City Rules: How Regulations Affect Urban Form

Author: Emily Talen (Island Press, 2011)

American cities are now saddled with rules that work against the formation of compact, diverse, walkable, urban places… In twenty-first century America, there is wide agreement that a new approach to city building is sorely needed. Cities need to be less wasteful and more efficient, less land consumptive and more compact, less dispiriting and more vital. —Emily Talen

Throughout history, we’ve used rules to guide the growth and development of cities, but in the last half-century the connection between the intent of rules and their actual outcomes has broken down. When the first codes were adopted in the 1920s, they were easy to read, with many being under 10 pages long. Early codes struck a balance between mixed uses and moving cars, as well. But over the years, zoning has become more complicated. Cities have kept adding more features—often with a goal of accommodating the automobile. As a result, the original intentions of improving the daily lives of residents was lost. So where did they go wrong?

In City Rules: How Regulations Affect Urban Form, Emily Talen, a professor in the School of Geographical Sciences and Urban Planning and the Director of the Phoenix Urban Research Lab at Arizona State University, explores the irony and contradictions of the rules and regulations that affect urban form. She explores the history of urban regulations and how they have led us to the urban sprawl faced by many cities today. Through highlighting the results of many specific codes, Talen illustrates how even well intentioned rules have resulted in communities unable to meet the changing interests of their residents.

At first glance, this may seem to be a restating of the obvious. By now, most observers of the urban landscape understand that our existing urban form is largely the result of municipal codes. But Talen takes this premise a step further by showing how written codes explicitly affects our everyday lives. For instance, she examines how regulations that were initially intend to improve public health have evolved over time to the point where they now promote development that leads to sedentary lifestyle through a reliance on cars.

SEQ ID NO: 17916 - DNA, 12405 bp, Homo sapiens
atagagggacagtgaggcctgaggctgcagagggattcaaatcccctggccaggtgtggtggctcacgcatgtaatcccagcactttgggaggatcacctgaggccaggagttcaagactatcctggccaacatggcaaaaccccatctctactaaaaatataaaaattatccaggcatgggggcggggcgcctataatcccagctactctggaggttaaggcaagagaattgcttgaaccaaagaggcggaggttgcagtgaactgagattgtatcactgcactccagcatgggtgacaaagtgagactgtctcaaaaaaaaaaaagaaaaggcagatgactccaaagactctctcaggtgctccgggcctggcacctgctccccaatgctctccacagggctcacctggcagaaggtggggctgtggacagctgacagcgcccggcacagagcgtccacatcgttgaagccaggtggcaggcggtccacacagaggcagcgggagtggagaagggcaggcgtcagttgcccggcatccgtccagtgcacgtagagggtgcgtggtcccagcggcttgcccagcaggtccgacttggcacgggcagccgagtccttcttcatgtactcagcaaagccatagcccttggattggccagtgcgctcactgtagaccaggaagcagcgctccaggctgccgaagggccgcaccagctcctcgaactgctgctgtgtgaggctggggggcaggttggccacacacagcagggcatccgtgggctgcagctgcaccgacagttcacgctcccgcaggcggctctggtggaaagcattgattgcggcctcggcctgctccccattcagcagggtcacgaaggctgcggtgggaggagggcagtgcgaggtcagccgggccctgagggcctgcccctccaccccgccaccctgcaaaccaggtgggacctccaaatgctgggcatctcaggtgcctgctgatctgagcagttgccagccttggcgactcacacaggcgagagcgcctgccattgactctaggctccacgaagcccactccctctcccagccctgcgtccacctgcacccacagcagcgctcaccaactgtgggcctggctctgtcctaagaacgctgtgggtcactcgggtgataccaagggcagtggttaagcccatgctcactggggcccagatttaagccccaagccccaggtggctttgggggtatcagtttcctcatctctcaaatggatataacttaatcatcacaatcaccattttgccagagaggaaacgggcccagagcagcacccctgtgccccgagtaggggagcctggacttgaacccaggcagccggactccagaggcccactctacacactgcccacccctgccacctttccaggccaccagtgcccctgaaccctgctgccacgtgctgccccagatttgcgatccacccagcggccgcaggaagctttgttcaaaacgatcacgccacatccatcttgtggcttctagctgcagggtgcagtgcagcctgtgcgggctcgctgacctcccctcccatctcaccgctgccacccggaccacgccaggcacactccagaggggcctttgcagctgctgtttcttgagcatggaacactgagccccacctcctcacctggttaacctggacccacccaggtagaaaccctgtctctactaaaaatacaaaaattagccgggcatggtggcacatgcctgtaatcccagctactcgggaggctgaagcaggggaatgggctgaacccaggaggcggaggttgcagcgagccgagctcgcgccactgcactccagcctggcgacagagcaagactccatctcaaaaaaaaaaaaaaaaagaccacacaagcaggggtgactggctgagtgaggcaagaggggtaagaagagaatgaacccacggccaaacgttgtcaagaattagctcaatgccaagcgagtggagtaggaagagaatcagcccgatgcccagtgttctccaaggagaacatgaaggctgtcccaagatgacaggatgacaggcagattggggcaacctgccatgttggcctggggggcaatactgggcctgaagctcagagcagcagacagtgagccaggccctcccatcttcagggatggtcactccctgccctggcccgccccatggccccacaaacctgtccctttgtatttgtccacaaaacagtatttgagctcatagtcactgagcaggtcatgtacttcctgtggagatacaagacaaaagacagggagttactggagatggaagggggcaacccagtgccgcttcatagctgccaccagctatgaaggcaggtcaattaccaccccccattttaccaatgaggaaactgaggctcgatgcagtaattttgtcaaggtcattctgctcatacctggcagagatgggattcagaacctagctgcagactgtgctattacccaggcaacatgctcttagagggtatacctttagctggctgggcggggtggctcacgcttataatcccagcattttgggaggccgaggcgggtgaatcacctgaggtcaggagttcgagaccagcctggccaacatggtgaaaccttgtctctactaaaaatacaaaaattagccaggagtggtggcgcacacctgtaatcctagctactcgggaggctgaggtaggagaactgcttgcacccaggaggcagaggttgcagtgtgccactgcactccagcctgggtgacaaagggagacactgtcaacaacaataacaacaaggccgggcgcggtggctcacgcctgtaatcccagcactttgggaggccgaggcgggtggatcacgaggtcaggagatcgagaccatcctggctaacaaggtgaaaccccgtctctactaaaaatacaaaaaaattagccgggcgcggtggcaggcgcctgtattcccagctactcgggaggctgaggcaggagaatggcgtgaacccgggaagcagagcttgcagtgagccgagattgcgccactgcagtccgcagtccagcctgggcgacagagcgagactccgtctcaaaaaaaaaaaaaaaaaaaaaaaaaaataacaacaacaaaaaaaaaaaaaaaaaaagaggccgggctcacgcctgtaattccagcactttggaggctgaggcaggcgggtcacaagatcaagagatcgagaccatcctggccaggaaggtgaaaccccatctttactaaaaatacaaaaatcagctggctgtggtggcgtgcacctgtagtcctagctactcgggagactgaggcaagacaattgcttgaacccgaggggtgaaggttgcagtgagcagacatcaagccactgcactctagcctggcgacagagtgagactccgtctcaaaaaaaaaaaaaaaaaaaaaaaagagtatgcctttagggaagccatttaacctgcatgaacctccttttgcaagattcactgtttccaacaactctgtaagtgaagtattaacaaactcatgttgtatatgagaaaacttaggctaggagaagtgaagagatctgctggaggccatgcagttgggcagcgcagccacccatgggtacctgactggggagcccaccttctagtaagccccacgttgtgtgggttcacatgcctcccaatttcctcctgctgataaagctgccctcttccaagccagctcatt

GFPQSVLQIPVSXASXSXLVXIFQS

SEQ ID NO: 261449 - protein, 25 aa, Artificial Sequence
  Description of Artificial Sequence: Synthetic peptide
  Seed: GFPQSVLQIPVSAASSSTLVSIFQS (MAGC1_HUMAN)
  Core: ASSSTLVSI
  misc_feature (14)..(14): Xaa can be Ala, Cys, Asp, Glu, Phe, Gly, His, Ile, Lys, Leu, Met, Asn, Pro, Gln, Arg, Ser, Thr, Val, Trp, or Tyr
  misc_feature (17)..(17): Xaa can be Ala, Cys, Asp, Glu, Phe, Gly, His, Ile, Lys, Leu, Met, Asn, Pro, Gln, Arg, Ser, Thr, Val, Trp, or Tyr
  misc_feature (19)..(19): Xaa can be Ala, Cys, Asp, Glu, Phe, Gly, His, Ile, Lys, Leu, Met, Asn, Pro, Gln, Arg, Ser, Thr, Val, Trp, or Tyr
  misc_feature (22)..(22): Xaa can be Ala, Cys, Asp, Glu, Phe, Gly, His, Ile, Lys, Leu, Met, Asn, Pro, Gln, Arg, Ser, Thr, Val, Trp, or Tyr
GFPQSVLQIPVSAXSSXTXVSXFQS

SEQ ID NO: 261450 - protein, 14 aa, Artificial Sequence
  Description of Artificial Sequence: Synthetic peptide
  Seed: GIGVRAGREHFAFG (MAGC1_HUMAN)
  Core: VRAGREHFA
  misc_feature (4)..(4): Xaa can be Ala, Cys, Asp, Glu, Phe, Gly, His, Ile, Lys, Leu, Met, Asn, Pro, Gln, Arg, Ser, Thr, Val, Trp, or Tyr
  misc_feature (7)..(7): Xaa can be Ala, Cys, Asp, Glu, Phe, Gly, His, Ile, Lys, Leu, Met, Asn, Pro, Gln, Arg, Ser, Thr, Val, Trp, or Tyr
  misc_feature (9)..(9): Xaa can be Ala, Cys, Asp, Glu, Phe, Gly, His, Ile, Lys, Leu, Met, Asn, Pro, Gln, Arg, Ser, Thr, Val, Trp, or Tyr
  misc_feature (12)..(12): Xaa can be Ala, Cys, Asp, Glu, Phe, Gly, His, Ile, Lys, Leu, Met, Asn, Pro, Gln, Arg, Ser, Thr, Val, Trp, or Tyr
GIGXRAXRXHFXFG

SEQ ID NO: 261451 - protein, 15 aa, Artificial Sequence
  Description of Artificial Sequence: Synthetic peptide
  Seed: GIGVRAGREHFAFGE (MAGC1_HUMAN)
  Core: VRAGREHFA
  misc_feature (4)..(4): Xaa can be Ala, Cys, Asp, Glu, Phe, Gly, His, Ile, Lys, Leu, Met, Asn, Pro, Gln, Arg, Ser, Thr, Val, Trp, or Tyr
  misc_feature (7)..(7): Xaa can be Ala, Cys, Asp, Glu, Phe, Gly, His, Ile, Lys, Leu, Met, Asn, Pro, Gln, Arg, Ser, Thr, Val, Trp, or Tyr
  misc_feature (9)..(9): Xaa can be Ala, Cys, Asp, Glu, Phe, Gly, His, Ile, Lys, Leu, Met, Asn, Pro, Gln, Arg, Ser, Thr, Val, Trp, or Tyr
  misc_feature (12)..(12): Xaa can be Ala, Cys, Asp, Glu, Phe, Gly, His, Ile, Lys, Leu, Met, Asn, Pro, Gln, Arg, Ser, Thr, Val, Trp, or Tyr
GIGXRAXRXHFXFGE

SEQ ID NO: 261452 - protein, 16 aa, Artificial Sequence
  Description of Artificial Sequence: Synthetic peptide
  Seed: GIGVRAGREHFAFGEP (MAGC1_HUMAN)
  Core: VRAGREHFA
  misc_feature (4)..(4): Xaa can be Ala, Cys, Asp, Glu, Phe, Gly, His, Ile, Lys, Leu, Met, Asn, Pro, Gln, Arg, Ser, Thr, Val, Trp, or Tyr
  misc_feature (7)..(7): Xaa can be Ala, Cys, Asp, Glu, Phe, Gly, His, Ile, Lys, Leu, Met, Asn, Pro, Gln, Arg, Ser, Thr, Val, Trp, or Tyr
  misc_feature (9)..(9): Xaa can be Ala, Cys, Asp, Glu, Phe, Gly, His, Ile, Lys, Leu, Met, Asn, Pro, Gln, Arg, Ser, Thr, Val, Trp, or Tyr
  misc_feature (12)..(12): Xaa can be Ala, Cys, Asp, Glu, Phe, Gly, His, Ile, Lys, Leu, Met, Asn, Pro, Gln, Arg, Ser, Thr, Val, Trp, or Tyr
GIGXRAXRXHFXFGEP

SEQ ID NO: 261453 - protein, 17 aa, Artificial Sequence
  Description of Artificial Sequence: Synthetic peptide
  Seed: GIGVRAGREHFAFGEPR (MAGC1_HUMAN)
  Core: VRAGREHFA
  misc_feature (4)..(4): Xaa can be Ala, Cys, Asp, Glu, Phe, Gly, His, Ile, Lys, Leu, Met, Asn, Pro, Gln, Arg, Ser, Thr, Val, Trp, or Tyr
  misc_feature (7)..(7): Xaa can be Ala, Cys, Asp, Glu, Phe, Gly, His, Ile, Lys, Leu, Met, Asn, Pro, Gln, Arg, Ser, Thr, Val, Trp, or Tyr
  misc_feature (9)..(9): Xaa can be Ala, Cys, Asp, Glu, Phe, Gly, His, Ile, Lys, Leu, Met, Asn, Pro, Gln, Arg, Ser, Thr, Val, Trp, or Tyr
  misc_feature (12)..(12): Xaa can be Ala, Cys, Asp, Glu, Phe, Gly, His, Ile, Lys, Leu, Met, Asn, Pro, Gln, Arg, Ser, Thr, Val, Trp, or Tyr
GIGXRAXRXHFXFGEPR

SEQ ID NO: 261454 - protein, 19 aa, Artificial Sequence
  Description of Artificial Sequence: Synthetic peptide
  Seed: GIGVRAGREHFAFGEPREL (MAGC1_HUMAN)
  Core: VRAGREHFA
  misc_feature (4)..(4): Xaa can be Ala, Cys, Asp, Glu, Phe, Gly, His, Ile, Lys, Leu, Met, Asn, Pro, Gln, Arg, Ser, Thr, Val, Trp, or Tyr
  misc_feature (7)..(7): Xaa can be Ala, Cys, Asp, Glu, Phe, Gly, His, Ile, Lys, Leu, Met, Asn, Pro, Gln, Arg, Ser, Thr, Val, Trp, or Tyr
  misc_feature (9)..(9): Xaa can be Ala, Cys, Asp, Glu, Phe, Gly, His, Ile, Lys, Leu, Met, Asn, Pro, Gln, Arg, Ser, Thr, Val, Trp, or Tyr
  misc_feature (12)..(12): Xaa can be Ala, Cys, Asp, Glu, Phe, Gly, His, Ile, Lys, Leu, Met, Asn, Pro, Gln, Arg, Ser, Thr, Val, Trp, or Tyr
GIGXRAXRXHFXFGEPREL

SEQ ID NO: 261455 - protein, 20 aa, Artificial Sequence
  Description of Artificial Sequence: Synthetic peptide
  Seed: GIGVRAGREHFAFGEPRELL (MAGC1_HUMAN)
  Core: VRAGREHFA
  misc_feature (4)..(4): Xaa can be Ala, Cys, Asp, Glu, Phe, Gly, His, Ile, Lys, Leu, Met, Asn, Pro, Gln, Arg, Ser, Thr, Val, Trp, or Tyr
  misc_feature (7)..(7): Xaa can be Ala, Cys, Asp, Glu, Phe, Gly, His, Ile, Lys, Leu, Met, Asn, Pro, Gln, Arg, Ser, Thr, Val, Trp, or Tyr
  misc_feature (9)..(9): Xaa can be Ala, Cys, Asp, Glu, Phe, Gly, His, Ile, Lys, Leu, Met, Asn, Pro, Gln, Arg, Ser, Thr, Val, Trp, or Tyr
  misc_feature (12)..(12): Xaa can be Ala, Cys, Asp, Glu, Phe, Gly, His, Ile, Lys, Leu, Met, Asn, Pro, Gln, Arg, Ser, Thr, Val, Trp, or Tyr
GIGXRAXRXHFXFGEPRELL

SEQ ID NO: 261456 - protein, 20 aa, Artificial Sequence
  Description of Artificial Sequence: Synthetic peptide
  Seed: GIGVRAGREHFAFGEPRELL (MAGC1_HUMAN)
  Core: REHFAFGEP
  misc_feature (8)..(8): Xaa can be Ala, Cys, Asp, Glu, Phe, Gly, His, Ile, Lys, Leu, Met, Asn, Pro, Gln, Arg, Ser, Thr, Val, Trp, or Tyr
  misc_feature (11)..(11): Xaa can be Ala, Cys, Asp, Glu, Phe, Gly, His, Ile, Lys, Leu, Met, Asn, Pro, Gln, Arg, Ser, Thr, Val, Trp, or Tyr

Furthermore, Talen explores how the loss of understanding of the effects of existing rules have led to a disconnect between the motivation of the rules and their urban reality. She illustrates how our city rules largely determine not only how and where we live, but also the pollutants we emit, the transportation choices we make, and the urban amenities we enjoy. Through the use of actual examples and visual images (there are 150 colour pictures in the book) she explores many details that are often overlooked by other commentators, such as how curb radii can impact a neighbourhood’s urban form.

But Talen doesn’t want to paint the writers of the original codes with a negatively brush.  Indeed, when I talked with her about the book, she noted how much in awe she was of what they accomplished in the 1920s.  When Talen started writing the book, she didn’t expect to dig so deep into the history of codes and zoning, but she soon realized that it was important to highlight some of the historical nuances to get a full understanding of how the rules evolved into what we see today.

In the final section of the book, Talen explores ways to reform our current approach to city rules. She explains how by adopting more flexible approaches to regulations—such as form-based codes—cities can begin to reverse the damage caused by many of our existing rule. In doing so, she demonstrates that we can get meaning back into codes and once again use city rules to enhance our communities and create unique and livable spaces.

This, however, won’t be easy. During our conversation, Talen noted that while nobody is satisfied with the status quo, there is no consensus of how to move forward, as there was in the 1920s.  In certain planning circles, there remains great resistance to concepts like form-based codes. What is needed, she says, is a greater emphasis on cities that are getting things right through adopting form-based codes or other successful code reform efforts. Perhaps this will help illustrate the way forward and build a consensus for change.


Yuri Artibise is a public policy analyst by training and an urbanist by passion. Through his Yurbanism brand, he explores the ‘Y’ of urbanism by sharing ways to make our cities more livable, community-oriented places one block at a time. He currently the Director of Community Engagement with PlaceSpeak, an online location-based community consultation platform.

One comment

  1. Cool.  I will have to check this out.  A very similar book was written by Jonathan Levine a few years ago called “Zoned Out”.

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